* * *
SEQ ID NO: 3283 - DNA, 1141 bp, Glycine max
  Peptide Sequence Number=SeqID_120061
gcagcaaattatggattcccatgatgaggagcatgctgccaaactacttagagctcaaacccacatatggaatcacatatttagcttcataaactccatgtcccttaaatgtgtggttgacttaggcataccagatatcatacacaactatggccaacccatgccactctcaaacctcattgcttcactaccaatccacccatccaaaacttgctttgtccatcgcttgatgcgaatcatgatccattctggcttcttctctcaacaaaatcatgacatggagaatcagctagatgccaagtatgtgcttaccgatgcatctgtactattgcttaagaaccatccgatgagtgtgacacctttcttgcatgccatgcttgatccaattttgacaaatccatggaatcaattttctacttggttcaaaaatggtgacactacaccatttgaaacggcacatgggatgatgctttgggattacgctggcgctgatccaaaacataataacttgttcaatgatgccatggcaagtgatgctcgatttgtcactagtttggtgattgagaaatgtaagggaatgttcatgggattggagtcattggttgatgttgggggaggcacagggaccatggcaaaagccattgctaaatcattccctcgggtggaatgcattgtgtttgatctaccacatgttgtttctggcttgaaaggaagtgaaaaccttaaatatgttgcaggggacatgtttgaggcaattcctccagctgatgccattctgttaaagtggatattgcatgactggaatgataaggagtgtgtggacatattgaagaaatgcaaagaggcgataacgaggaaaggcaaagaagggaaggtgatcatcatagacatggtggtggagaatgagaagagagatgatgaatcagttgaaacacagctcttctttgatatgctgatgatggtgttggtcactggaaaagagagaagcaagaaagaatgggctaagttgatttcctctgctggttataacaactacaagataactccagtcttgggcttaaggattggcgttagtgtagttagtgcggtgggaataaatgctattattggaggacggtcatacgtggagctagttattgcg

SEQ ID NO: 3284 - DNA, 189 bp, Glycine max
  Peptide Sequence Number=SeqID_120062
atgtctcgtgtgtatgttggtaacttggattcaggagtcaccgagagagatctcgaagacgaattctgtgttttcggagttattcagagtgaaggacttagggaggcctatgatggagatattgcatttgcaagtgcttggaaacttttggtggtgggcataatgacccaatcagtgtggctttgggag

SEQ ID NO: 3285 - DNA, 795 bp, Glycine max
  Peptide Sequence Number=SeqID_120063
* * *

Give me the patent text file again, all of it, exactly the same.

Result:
SEQ ID NO: 3283 - DNA, 1141 bp, Glycine max
  Peptide Sequence Number=SeqID_120061
gcagcaaattatggattcccatgatgaggagcatgctgccaaactacttagagctcaaacccacatatggaatcacatatttagcttcataaactccatgtcccttaaatgtgtggttgacttaggcataccagatatcatacacaactatggccaacccatgccactctcaaacctcattgcttcactaccaatccacccatccaaaacttgctttgtccatcgcttgatgcgaatcatgatccattctggcttcttctctcaacaaaatcatgacatggagaatcagctagatgccaagtatgtgcttaccgatgcatctgtactattgcttaagaaccatccgatgagtgtgacacctttcttgcatgccatgcttgatccaattttgacaaatccatggaatcaattttctacttggttcaaaaatggtgacactacaccatttgaaacggcacatgggatgatgctttgggattacgctggcgctgatccaaaacataataacttgttcaatgatgccatggcaagtgatgctcgatttgtcactagtttggtgattgagaaatgtaagggaatgttcatgggattggagtcattggttgatgttgggggaggcacagggaccatggcaaaagccattgctaaatcattccctcgggtggaatgcattgtgtttgatctaccacatgttgtttctggcttgaaaggaagtgaaaaccttaaatatgttgcaggggacatgtttgaggcaattcctccagctgatgccattctgttaaagtggatattgcatgactggaatgataaggagtgtgtggacatattgaagaaatgcaaagaggcgataacgaggaaaggcaaagaagggaaggtgatcatcatagacatggtggtggagaatgagaagagagatgatgaatcagttgaaacacagctcttctttgatatgctgatgatggtgttggtcactggaaaagagagaagcaagaaagaatgggctaagttgatttcctctgctggttataacaactacaagataactccagtcttgggcttaaggattggcgttagtgtagttagtgcggtgggaataaatgctattattggaggacggtcatacgtggagctagttattgcg

SEQ ID NO: 3284 - DNA, 189 bp, Glycine max
  Peptide Sequence Number=SeqID_120062
atgtctcgtgtgtatgttggtaacttggattcaggagtcaccgagagagatctcgaagacgaattctgtgttttcggagttattcagagtgaaggacttagggaggcctatgatggagatattgcatttgcaagtgcttggaaacttttggtggtgggcataatgacccaatcagtgtggctttgggag

SEQ ID NO: 3285 - DNA, 795 bp, Glycine max
  Peptide Sequence Number=SeqID_120063